Beyond The Bench: A Look at Injuries’ Effects Outside of Sports


By: Danny Sedlazek

According to a recent survey by the National Federation of State High School Associations, participation in high school sports is at an all time high. That means more teens participating, which entails less individual attention. At the same time, according to the American Association of Orthopedic Surgeons, student athletes get injured just as often as the professionals. These create a perfect storm of injuries. Getting hurt will affect your performance in the game, but can just as easily impact your everyday life.
Junior Greg White broke his fibula playing football against Briar Woods this year, and his five week stint on the bench was felt far from the field. “I missed three days of school to have a splint put on. I had to do a lot of makeup work.” Makeup work is never easy, but Greg said that “everything takes so much longer…I was on painkillers, I was constantly distracted [by my injury]. It dominated my life.”

Sophomore Courtney Cambell, who got a bone contusion on her right ankle playing volleyball last year, has a similar consensus to White. “I was on crutches for four weeks. The crutches hurt really bad. They were very embarrassing and very stressful,” she said. Cambell’s injury, also like White’s, affected her education. “I missed a lot of school. I fell behind. [My injury] hurt my grades and [caused me] to fall behind in difficult classes.”

But White and Cambell both instantly knew they were injured and were therefore able to get help quickly. Junior Jeffery Mangold wasn’t as lucky. “I got two fractures in my lower fourth vertebrae two years ago after I landed funny while long jumping,” said Mangold. “I thought it was just something minor­–it took me a couple of days to notice a problem.” Mangold said it “took over a year” to fully diagnose his injury.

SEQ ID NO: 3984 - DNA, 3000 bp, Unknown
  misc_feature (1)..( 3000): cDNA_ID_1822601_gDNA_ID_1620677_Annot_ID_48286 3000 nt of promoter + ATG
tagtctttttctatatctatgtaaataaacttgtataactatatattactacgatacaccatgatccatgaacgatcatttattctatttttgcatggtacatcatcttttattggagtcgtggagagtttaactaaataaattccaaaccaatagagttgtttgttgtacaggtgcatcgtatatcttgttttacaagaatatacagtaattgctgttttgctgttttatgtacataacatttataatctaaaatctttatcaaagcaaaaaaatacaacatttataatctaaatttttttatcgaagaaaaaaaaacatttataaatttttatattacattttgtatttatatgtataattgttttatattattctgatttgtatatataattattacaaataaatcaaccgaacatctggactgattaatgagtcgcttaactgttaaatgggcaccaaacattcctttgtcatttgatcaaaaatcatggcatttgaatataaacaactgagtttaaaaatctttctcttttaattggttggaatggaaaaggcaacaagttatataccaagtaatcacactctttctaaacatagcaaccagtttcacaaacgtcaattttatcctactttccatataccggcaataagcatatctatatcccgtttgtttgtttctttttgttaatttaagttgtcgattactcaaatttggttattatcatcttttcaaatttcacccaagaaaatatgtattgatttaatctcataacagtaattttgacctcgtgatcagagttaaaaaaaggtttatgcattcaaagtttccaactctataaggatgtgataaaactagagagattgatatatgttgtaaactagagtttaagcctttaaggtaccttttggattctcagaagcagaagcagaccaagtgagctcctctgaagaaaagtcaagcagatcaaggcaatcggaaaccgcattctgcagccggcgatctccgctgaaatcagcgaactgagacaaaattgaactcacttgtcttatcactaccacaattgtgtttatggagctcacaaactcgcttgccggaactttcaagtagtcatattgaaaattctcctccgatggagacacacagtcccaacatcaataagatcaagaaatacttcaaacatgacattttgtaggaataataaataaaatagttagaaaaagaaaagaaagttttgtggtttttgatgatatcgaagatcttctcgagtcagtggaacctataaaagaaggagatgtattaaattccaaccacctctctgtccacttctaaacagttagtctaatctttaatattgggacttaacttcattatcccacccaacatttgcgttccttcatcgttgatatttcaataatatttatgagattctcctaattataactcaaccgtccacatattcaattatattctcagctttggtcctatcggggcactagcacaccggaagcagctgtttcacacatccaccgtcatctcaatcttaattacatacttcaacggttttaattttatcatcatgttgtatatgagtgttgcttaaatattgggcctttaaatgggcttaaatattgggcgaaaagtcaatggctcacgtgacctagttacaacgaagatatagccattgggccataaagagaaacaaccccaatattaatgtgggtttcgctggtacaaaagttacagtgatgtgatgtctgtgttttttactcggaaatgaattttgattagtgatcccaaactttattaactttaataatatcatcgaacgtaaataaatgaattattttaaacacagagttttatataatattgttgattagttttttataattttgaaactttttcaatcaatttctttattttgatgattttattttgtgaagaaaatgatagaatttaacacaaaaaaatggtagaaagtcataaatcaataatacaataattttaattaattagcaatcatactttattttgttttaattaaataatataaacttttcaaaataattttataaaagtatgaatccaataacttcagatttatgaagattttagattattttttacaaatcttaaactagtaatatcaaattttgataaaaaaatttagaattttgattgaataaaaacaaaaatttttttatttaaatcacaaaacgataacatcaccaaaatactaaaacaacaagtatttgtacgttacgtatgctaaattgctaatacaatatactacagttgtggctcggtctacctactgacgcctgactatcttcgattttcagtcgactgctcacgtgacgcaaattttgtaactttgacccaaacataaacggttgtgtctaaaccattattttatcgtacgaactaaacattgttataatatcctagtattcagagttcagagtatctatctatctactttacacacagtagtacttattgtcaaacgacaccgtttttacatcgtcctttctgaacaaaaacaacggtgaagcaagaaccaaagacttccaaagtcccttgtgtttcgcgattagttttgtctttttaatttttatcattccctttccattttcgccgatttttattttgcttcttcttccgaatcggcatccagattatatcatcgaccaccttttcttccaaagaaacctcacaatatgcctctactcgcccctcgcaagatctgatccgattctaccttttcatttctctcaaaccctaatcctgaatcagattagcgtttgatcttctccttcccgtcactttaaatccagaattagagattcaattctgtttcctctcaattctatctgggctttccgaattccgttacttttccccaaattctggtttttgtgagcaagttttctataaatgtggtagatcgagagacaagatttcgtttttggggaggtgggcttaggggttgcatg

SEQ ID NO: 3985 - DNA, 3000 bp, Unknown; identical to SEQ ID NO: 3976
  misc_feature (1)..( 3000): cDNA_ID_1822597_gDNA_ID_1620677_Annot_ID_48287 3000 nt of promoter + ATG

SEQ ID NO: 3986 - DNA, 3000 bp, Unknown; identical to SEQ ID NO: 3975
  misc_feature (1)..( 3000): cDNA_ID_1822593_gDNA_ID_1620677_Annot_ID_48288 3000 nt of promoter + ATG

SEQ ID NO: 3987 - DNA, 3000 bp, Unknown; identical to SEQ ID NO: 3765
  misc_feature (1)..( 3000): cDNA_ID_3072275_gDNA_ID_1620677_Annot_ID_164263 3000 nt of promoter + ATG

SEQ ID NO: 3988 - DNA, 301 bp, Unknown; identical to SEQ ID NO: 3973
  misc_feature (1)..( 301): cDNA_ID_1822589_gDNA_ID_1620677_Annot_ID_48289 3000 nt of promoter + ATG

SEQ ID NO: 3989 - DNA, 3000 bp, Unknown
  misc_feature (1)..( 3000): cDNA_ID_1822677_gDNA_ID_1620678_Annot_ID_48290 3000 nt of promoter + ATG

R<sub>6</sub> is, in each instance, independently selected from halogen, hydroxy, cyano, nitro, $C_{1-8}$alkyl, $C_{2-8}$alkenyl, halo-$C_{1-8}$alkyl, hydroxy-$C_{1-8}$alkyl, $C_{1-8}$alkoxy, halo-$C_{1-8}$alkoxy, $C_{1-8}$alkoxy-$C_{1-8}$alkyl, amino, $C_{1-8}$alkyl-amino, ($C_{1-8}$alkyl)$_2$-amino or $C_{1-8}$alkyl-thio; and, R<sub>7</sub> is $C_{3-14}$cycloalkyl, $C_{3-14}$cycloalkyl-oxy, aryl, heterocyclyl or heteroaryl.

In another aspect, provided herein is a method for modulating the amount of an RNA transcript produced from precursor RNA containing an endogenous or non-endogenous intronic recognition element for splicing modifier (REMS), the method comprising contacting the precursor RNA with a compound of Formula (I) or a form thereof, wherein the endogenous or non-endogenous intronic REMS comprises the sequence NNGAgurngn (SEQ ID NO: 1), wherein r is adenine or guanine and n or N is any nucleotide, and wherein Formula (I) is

“I was always hurting,” recounts Mangold. “It was hard to get up from sitting, sleeping. [My injury] restricted walking, stretching­–everything. It was really hard to focus.”

While troublesome in the short term, these injuries can have long term consequences. “Whenever my back hurts, I have to get steroid shots. If I ever become overweight, I’ll have to get a risky surgery. While I’m not too worried about that, anything is possible,” Mangold grimly said. Cambell said her “ankle never healed right­. It still hurts and impairs [my] movement” in an equally solemn tone.

It’s easy for someone to blame their injuries on their coaches, but boys’ basketball coach Justin Brown says that most coaches “err on the side of precaution. When someone hits the ground, you just don’t know….that’s somebody’s child. It’s all about [his or her] well being.”

Mangold admits that “I didn’t tell the coaches for about a week. When I did tell them, they told me to try and run, but if it was painful I need to go see the trainer.”

According to Tuscrora’s athletic director Derek Farrey, “If an athlete has any injury they are supposed to go see the trainer, regardless of how severe it seems to be on the field.” While Jeffery’s coaches didn’t follow strict protocol, Brown reminds us that “the kids never want to sit out.” All coaches want to help their athletes, but due to the large number of athletes, these sort of things often slip through the cracks.
When asked to give advice to athletes who believe they are injured, White, Cambell, and Mangold are all on the same page. “Be prepared to sit out,” White warns. Mangold says that “you need to take time off. Don’t push through.” Cambell stressed the importance of “seeing a doctor” if you’re suspicious.
While no one wants to sit on the sidelines, it’s often in one’s best interest to. If you had to choose between steroid shots, casts, constant embarrassment, and a little time on the bench, wouldn’t you pick the latter?